Pedagogization of social work is desirable, especially, in the area of social prevention, namely in drop-in centers for children and youth, social activation services for families with children, and social rehabilitation services. These facilities are, by the law, included in the group of social prevention services and their primary target group are mainly children and youngsters. An Act No. 108/2006 Coll. (2006) defines activities that form a group of mandatory offered activities, these being:

- Educational and motivational activities.

- Activities mediating contacts with a social environment.

- Social therapeutic activities.

- Assistance with asserting rights, justified interests and dealing with personal matters.

As is evident from the Act itself the main target group of these services are children and youth.

Activities mentioned are educational, training, and motivational activities. The field of training and educational activities is in competence of social pedagogue, whose professional contribution may be a welcomed enrichment to the area.

“Regarding the actual work with clients, in the spirit of this law, I believe that the current concept of social work is designed for working with clients, who have at least a minimal ability to define their social needs. If the client is recognized as being inneed he or she is offered a range of services, from which they themselves select the services they want to use. In cases where the client is a child the situation is complicated by the fact that the very process of negotiating the form of help is for the child very demanding and sometimes may even be in disagreement with the child’s understanding of the world. The model of service provision to children should be based on the concept of social pedagogy, because it better reflects the needs of children clients than the concept of social work, which is more suitable for the work with adult clients” (Caltová Hepnarová, 2009, p. 82).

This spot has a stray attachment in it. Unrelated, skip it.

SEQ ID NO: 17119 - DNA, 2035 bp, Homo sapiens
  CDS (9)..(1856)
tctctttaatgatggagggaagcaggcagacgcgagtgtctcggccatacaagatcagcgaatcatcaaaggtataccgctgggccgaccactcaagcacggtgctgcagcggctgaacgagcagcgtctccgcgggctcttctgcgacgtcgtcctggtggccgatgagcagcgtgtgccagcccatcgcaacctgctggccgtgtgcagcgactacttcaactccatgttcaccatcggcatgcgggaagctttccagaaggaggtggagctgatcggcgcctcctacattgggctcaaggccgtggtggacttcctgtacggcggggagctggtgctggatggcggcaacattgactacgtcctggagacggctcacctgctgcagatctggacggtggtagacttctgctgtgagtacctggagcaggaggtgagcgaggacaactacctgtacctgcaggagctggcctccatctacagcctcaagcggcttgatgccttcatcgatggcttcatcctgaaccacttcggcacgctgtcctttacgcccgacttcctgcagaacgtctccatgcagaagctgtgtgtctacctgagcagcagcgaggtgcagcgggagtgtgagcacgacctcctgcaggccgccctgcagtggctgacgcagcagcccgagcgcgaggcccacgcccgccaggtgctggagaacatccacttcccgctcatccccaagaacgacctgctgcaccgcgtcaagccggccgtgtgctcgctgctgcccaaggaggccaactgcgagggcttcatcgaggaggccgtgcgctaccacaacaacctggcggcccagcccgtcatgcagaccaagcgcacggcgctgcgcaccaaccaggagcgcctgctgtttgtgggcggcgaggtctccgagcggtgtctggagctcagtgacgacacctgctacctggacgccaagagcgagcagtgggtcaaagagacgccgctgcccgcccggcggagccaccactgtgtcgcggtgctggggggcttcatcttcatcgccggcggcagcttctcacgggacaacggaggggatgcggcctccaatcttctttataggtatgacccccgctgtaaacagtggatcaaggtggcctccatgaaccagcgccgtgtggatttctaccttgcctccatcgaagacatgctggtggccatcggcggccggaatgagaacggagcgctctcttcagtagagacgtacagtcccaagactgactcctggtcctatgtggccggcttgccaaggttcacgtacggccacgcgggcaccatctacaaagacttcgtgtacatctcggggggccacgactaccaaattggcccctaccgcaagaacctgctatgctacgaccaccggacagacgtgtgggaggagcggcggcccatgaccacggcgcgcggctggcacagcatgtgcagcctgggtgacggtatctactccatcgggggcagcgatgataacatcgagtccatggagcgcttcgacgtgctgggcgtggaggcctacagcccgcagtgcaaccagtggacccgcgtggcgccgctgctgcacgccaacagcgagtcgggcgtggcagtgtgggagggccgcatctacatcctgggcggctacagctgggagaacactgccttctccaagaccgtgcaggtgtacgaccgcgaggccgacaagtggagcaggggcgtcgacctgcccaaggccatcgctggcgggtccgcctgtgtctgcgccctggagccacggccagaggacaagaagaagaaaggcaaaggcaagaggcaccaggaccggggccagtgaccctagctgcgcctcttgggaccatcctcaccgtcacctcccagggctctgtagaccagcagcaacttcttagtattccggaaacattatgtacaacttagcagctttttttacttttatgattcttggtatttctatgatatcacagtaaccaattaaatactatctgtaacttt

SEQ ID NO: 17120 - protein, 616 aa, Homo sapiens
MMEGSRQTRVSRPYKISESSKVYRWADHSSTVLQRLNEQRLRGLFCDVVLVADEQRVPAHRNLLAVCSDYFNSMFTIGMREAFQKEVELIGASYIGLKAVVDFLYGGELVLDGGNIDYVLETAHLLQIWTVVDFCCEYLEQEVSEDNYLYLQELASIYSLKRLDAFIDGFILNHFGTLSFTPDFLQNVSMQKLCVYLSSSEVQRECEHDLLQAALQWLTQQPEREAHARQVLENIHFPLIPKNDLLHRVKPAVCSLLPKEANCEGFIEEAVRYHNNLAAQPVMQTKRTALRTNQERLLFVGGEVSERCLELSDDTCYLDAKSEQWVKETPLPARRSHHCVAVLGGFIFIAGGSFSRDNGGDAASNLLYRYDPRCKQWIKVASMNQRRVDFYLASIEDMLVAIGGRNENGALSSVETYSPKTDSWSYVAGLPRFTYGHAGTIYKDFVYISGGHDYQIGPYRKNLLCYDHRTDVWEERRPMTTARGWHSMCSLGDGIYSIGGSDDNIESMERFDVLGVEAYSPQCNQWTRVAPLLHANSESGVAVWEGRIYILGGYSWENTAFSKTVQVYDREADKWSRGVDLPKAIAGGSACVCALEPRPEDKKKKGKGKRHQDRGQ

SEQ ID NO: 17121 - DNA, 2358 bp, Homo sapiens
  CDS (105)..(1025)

A similar situation occurs in the case of facilities for children requiring immediate assistance. These facilities are governed by The Act No. 359/1999 Coll. (1999), and fall under the Ministry of Labour and Social Affairs. Their main objective is to provide protection and assistance to vulnerable children for the necessary period of time (usually a few weeks or months). They fulfill, to the certain extent, the objectives of school facilities, for example children's homes. By the law, facilities for children requiring immediate assistance have to provide, among other things, educational care. Legislation governing school facilities (e.g. children's homes) establishes the level of professional competence of